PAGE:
(ii) As regards the pattern areas where the exposure is effected by the projection exposure step at an exposure amount less than the exposure threshold value, parts of the pattern where the total of exposure amounts obtained by the projection exposure step and the probe exposure step exceeds the exposure threshold value Eth are selectively brought about to have a lithography pattern formed by the developing process in such a way as to give the resolution attainable by the probe exposure.
(iii) The areas of the pattern at which an exposure is made by the projection exposure step at an exposure amount greater than the exposure threshold value are included as they are in the lithography pattern formed by the developing process.
The depth of focus obtained at the probe exposure step is fairly large and is, therefore, advantageous in forming a pattern. Further, the sequence of the probe exposure and the projection exposure may be conversely arranged.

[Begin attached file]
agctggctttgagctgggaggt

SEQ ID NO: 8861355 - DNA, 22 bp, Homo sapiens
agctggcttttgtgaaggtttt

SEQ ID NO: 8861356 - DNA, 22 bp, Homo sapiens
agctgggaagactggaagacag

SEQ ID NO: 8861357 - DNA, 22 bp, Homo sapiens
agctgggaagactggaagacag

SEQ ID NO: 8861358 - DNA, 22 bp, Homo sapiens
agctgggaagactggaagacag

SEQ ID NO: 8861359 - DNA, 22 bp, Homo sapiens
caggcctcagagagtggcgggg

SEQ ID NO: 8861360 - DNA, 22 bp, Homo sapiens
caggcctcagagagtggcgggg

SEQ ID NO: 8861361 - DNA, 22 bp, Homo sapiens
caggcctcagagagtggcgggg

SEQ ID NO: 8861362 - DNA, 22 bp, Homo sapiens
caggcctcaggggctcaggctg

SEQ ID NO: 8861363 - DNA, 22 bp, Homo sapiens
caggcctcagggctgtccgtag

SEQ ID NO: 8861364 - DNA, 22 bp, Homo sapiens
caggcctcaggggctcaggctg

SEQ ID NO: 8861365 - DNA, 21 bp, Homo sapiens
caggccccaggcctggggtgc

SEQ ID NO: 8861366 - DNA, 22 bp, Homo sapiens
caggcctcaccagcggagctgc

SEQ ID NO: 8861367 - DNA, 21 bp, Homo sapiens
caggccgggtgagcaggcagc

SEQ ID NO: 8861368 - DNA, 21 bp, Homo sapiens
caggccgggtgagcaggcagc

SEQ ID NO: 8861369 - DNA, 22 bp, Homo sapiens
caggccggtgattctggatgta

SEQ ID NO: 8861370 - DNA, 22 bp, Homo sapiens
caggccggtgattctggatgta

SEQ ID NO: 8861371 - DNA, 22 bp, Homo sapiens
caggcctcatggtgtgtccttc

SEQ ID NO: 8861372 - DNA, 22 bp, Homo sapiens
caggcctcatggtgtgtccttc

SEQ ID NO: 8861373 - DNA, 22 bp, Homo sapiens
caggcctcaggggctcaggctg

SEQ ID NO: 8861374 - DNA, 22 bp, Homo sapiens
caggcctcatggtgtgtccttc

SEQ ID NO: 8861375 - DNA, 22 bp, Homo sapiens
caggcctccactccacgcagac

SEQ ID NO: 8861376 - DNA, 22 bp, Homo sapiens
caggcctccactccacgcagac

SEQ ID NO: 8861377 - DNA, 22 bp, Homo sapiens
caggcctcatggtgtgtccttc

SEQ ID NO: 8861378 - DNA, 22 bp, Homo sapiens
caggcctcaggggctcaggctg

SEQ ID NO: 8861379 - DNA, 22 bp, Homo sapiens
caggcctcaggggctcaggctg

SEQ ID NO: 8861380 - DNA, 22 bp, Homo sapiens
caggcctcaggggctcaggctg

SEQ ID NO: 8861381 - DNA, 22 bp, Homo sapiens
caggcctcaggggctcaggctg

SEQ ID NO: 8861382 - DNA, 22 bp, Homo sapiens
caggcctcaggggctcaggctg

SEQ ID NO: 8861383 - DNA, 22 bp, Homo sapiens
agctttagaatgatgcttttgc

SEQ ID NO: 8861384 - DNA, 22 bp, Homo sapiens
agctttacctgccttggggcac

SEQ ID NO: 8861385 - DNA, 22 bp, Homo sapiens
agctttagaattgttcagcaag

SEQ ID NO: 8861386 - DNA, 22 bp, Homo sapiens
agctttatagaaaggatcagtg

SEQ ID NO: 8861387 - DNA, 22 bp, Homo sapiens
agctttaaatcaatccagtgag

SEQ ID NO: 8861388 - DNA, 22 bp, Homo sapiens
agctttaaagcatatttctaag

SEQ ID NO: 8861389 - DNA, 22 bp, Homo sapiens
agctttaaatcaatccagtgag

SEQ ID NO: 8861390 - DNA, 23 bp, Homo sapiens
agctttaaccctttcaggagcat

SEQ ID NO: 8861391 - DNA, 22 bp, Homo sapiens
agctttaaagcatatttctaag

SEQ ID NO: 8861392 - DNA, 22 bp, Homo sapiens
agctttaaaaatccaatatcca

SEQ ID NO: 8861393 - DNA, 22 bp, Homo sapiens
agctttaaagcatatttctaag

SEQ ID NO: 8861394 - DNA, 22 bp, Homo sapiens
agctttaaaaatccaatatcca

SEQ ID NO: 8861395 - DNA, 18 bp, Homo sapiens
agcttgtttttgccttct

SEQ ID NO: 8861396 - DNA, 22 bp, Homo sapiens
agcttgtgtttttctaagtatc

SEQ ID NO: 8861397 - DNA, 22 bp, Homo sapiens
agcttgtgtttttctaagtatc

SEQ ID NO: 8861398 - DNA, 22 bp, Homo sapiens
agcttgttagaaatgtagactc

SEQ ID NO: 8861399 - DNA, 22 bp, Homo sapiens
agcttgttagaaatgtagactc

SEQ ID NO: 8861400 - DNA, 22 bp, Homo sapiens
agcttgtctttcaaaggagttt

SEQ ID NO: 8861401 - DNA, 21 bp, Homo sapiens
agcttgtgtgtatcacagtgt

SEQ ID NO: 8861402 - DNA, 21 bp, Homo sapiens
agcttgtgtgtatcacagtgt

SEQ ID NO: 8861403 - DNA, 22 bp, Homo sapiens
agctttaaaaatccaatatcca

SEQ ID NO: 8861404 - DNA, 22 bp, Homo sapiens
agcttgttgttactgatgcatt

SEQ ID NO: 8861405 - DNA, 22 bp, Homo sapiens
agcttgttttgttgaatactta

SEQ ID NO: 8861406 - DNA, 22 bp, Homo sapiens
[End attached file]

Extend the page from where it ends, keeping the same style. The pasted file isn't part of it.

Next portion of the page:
A second embodiment of the multiple exposure method of the invention is next described with reference to FIG. 11 and FIGS. 12(A) to 12(D). In the case of the second embodiment, a circuit pattern to be obtained by the exposure is a so-called gate-type pattern which is as shown in FIG. 11. In the gate-type pattern, the smallest line width in the horizontal direction, i.e., in the direction of a line A-A′, is 0.05 μm, while the smallest line width in the vertical direction is 0.1 μm.
In this case, the probe exposure step which gives a high resolution pattern is applied only to a vertical pattern 120, which necessitates the high resolution.